November petroleum demand reaches 7-year high (includes Monthly Statistical Report)
Brian Straessle | 202.682.8114 | firstname.lastname@example.org
WASHINGTON, December 18, 2014 ─ Total U.S. petroleum deliveries (a measure of demand) rose last month by 1.9 percent from November 2013 to average 19.9 million barrels per day, the highest level for the month in seven years.
“It has been several years since we’ve seen this level of demand in November,” said API Chief Economist John Felmy. “The economy overall appeared to be in good shape last month, and production of crude, natural gas and refined products all remained quite strong.”
Gasoline demand also grew by 1.9 percent from November 2013 to average 9.1 million barrels per day. These were the highest deliveries for the month since 2007. Distillate deliveries were the highest in eight months, increasing by 1.2 percent above the prior year to 3.9 million barrels per day. Demand also rose over the same period for jet fuel (3.8 percent) and “other oils” (7.1 percent) while residual fuel deliveries fell 26.0 percent to set a new record low for the month.
Crude production jumped 14.9 percent from last year to its highest November output since 1973. The production level of 9.1 million barrels per day marked the first time above 9.0 million barrels per day since March 1986. The Bakken, the Eagle Ford, and the Permian regions posted record levels of production last month, averaging 1.2 million barrels per day, 1.6 million barrels per day, and nearly 1.8 million barrels per day, respectively.
Natural gas liquids (NGL) production, a co-product of natural gas production, reached its highest output on record at nearly 3.2 million barrels per day, an increase of 15.3 percent from last year. Production of natural gas in the Marcellus region, the largest natural gas producing region, reached a record high of nearly 15.9 billion cubic feet per day in November, up 17.9 percent from last year and was up 74.0 percent from November 2012.
According to the latest reports from Baker-Hughes, Inc., the number of oil and gas rigs in the U.S. in November was 1,925, the same from October, but was up 169 counts from November 2013. This was the second highest count since July 2012.
Total petroleum imports last month were down by 5.2 percent from November 2013 to average just below 8.9 million barrels per day. This was the second lowest level since February 1996. Crude imports rose slightly by 0.7 percent from last year to average nearly 7.5 million barrels per day – the second lowest level for the month since 1996. Imports of refined products dropped 27.3 percent over the same period to the lowest level since May 1995 at 1.4 million barrels per day.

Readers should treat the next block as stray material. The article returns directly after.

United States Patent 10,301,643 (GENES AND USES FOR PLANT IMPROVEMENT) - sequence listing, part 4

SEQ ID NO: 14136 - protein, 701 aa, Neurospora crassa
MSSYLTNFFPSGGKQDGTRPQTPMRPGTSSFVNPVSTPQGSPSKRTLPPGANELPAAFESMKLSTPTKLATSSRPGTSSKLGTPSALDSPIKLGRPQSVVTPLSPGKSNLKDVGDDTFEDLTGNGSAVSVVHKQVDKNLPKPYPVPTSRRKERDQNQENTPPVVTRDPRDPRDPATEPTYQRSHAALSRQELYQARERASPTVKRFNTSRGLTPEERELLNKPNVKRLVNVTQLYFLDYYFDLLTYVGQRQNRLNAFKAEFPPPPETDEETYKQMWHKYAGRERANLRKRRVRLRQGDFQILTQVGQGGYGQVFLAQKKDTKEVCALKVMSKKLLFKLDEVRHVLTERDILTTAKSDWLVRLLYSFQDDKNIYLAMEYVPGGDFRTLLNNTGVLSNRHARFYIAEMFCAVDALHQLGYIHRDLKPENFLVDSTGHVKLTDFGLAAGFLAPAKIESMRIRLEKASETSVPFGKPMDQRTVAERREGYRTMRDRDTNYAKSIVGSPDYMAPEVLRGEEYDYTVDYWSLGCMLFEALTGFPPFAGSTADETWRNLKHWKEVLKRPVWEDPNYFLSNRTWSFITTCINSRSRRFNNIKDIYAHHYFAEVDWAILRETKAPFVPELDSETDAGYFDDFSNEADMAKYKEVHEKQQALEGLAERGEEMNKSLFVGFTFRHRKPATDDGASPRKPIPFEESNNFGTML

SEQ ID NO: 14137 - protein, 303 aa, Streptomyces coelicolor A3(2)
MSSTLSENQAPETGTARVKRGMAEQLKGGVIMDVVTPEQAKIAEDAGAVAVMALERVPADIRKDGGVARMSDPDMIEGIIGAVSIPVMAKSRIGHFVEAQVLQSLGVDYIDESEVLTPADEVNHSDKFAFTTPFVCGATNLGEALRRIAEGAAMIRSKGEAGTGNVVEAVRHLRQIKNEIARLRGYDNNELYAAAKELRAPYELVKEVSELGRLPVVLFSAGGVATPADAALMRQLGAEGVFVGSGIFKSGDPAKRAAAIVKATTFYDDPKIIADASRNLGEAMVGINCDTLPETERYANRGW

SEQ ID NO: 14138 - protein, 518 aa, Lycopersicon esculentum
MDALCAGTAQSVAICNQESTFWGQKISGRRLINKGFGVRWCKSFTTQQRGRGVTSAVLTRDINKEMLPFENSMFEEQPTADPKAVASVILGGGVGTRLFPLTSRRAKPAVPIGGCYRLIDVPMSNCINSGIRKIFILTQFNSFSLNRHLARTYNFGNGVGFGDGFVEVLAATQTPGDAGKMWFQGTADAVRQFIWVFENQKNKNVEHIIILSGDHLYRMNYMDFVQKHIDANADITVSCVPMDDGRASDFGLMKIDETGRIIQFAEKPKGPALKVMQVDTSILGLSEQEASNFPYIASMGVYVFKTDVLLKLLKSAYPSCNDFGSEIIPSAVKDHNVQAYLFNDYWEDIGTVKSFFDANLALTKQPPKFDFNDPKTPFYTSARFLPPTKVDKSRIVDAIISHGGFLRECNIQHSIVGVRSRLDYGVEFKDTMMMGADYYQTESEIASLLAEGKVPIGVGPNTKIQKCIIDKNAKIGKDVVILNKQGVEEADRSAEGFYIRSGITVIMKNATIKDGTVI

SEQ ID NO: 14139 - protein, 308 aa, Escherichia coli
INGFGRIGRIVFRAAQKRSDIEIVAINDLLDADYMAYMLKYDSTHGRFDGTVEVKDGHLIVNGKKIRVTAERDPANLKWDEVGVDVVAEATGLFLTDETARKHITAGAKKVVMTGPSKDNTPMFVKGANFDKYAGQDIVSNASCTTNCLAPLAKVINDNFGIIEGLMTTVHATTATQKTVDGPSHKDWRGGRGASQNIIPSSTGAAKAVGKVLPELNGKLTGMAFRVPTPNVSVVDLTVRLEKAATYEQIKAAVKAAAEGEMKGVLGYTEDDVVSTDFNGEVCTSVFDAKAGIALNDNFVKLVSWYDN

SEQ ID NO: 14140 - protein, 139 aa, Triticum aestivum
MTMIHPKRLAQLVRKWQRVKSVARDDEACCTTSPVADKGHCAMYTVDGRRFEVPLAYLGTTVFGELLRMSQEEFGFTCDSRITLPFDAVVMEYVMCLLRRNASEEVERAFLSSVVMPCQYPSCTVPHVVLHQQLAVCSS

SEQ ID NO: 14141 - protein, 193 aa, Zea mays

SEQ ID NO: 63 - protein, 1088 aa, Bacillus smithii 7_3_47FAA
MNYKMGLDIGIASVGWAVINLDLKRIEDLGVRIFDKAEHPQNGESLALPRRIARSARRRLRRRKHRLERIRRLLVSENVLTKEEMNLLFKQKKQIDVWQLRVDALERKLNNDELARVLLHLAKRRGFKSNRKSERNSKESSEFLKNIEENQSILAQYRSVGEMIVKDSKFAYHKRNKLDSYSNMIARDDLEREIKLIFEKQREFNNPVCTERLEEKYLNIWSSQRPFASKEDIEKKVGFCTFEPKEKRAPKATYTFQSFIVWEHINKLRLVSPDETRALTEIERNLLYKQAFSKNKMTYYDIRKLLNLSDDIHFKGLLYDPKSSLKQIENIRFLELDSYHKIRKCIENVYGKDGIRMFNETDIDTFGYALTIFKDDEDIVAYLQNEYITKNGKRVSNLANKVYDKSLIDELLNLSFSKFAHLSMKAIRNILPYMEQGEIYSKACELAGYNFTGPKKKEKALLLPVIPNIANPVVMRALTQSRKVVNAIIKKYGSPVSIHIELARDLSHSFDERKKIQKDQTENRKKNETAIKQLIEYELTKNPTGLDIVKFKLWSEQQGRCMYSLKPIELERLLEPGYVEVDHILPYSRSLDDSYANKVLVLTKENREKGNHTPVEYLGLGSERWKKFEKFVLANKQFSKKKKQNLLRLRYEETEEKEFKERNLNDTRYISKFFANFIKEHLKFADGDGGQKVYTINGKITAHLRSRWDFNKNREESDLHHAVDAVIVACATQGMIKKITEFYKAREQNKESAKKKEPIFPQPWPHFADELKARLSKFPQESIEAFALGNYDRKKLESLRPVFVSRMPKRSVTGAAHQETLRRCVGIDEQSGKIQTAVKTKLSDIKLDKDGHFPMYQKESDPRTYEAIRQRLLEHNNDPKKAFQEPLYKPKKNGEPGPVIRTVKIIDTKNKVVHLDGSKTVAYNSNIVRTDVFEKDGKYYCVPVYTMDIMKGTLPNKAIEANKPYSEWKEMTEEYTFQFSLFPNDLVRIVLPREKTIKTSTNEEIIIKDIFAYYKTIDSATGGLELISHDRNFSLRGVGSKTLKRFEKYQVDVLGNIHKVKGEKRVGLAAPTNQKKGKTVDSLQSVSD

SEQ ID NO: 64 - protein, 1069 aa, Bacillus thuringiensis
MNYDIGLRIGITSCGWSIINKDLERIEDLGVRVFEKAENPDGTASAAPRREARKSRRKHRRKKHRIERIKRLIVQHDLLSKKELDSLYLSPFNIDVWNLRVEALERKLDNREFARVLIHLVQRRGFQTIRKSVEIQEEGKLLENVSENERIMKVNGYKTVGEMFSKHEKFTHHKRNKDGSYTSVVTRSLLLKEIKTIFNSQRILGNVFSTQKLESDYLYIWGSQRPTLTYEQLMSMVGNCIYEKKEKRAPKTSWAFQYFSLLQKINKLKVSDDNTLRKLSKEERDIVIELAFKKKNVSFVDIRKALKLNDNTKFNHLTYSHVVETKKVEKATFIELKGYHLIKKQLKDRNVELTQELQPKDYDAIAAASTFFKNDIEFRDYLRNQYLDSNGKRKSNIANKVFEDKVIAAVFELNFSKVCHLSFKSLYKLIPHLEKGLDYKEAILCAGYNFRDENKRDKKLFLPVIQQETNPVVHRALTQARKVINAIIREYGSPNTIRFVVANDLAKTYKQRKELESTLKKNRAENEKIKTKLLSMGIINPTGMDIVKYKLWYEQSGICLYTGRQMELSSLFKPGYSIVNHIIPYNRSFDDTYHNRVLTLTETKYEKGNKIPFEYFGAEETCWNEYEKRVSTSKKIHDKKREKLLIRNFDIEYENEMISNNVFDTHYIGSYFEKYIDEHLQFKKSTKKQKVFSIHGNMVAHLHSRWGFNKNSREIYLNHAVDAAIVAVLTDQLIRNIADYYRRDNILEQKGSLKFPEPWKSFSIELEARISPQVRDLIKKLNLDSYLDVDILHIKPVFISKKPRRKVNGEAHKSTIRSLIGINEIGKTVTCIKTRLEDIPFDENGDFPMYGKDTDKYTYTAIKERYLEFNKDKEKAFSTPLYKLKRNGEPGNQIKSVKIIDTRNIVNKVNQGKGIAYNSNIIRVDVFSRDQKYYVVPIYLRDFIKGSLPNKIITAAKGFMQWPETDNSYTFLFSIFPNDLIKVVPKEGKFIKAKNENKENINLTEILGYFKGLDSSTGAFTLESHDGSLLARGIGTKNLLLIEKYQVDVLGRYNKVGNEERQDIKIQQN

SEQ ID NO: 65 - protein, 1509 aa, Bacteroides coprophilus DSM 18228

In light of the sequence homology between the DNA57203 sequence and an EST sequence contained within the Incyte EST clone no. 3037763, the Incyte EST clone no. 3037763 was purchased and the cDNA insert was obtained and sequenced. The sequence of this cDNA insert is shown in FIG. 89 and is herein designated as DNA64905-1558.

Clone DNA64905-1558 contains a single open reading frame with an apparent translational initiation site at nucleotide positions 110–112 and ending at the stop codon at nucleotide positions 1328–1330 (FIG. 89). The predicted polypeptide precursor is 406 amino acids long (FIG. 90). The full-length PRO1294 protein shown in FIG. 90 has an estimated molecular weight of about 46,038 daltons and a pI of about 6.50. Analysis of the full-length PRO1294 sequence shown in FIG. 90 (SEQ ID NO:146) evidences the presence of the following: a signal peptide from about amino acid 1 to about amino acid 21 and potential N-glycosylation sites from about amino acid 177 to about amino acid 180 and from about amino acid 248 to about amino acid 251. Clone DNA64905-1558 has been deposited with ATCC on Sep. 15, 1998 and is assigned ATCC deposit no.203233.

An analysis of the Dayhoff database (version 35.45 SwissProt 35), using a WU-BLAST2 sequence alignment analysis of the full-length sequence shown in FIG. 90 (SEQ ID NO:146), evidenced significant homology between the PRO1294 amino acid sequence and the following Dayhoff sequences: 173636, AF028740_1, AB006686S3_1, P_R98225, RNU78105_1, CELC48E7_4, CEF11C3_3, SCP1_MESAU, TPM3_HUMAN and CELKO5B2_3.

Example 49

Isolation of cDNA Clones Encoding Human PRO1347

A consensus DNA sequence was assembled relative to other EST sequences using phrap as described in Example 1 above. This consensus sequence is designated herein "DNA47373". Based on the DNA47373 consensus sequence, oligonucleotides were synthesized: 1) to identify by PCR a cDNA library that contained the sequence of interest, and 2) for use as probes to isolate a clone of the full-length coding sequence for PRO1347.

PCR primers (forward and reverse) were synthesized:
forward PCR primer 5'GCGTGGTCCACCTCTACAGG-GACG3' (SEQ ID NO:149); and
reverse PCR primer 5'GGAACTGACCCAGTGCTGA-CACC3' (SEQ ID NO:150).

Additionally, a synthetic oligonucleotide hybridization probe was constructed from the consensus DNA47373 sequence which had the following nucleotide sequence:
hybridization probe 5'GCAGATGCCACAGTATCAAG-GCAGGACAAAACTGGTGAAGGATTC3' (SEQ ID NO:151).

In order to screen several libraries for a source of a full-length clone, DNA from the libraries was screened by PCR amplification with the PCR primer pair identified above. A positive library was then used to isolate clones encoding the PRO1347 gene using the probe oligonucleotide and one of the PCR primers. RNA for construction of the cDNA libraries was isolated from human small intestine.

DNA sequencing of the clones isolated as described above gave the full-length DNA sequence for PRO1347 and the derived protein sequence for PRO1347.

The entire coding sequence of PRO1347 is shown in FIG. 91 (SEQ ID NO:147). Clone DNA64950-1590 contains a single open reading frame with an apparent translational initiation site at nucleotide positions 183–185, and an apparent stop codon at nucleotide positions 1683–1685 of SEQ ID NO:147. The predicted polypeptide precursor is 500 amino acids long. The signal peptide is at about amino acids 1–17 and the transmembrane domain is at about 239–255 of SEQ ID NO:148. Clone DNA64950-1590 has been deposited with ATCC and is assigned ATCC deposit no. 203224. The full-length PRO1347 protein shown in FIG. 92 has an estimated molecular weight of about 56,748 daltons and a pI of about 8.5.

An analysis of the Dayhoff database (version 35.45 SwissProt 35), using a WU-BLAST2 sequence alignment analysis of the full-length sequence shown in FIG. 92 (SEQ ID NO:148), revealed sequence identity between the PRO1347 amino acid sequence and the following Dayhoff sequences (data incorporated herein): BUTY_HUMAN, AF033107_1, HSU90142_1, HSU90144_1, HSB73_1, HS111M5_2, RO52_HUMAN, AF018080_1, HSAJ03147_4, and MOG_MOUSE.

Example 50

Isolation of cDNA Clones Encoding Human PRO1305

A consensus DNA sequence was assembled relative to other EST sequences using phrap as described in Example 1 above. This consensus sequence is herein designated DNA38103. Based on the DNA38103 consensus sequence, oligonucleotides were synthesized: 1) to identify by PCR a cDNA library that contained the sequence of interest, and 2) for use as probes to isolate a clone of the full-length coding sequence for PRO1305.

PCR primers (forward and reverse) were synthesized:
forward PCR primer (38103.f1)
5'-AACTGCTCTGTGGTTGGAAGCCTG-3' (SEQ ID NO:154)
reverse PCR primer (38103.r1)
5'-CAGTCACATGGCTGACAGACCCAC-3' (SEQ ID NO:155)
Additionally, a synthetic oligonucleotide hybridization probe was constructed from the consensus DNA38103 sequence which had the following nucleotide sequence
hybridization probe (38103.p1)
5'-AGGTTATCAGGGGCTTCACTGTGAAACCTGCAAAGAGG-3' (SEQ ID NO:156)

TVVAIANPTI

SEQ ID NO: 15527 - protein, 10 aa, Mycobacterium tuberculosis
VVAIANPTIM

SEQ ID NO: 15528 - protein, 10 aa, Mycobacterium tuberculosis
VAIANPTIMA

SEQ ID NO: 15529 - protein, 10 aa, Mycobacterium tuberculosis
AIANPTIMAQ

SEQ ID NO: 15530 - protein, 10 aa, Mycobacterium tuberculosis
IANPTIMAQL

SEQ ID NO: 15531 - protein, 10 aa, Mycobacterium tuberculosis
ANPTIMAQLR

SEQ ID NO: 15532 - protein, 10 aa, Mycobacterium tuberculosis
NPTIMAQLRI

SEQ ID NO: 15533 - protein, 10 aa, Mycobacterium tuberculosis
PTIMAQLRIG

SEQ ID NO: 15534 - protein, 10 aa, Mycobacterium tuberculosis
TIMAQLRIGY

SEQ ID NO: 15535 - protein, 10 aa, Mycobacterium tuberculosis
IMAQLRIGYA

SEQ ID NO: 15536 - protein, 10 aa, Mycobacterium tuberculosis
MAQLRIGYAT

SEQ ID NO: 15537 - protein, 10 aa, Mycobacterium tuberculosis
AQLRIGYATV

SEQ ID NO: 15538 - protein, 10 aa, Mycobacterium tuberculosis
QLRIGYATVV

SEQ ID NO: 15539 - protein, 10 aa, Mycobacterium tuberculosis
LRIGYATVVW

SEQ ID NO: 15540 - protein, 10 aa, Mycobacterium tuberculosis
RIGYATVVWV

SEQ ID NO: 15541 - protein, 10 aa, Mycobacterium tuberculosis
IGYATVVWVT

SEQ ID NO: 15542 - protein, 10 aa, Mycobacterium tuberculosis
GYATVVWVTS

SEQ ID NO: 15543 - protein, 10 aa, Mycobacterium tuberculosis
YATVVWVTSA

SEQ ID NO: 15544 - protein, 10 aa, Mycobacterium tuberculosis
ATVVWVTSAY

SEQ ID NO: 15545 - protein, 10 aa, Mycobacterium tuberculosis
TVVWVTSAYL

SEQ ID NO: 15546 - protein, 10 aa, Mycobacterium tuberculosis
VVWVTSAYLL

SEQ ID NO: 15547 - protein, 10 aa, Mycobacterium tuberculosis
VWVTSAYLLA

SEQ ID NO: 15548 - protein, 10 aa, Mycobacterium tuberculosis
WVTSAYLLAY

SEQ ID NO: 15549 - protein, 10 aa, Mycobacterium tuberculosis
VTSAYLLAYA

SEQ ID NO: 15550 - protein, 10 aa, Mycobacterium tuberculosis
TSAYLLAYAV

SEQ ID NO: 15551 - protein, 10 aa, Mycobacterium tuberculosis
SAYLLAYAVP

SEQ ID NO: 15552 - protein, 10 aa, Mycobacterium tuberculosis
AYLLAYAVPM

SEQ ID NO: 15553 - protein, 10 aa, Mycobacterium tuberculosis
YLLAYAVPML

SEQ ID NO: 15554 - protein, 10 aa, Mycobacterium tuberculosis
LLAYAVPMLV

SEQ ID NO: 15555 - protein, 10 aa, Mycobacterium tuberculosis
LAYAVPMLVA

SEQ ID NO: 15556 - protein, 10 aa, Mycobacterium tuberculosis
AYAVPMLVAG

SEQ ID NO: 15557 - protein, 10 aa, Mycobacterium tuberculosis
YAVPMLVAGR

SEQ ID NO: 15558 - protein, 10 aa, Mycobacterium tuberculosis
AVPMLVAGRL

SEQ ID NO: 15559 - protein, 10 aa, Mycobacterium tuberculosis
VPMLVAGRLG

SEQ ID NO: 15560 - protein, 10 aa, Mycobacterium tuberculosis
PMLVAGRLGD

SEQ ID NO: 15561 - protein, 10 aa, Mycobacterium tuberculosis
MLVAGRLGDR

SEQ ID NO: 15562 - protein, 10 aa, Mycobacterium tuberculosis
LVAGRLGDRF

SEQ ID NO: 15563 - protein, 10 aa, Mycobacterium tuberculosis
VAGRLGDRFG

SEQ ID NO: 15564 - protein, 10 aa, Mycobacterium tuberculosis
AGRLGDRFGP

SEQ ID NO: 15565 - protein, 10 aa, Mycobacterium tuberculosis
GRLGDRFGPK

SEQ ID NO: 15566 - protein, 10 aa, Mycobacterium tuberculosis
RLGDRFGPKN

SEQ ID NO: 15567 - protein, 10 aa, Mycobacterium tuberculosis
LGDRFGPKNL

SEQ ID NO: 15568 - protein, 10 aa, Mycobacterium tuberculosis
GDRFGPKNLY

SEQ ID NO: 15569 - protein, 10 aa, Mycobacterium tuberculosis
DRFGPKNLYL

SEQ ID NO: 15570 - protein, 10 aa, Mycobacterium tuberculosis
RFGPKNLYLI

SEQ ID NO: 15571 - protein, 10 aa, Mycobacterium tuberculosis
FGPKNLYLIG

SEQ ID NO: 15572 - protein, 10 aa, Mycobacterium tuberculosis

Production of gasoline gained 0.6 percent from the prior year to average a new high for the month of November at 9.5 million barrels per day. At nearly 4.9 million barrels per day, distillate production rose by 4.9 percent from October but was down by 3.7 percent from November 2013. Year to date production of both products was the highest on record.
November records were also set in refinery gross inputs and exports of refined products. Gross inputs grew 0.9 percent from last year to average 16.3 million barrels per day while exports were up 5.5 percent to average 4.2 million barrels per day.
With several refineries back up from their scheduled turnaround, the refinery capacity utilization rate averaged 91.4 percent in November. This was up 2.6 percentage points from October, up 0.8 percentage points from the year ago levels, and the highest November rate in 10 years. API’s latest refinery operable capacity was 17.805 million barrels per day.
Crude oil stocks ended the month at 374.9 million barrels, up 0.3 percent from the last year. These were the second highest November inventories in 84 years, since 1930. Stocks of motor gasoline fell 3.9 percent from last year to their lowest inventories in six years at 208.3 million barrels. Stocks of distillate, jet fuel and “other oils” all fell from year ago levels.
API is a national trade association that represents all segments of America’s technology-driven oil and natural gas industry. Its more than 625 members – including large integrated companies, exploration and production, refining, marketing, pipeline, and marine businesses, and service and supply firms – provide most of the nation’s energy and are backed by a growing grassroots movement of more than 25 million Americans. The industry also supports 9.8 million U.S. jobs and 8 percent of the U.S. economy, delivers $84 million a day in revenue to our government, and, since 2000, has invested over $2 trillion in U.S. capital projects to advance all forms of energy, including alternatives.
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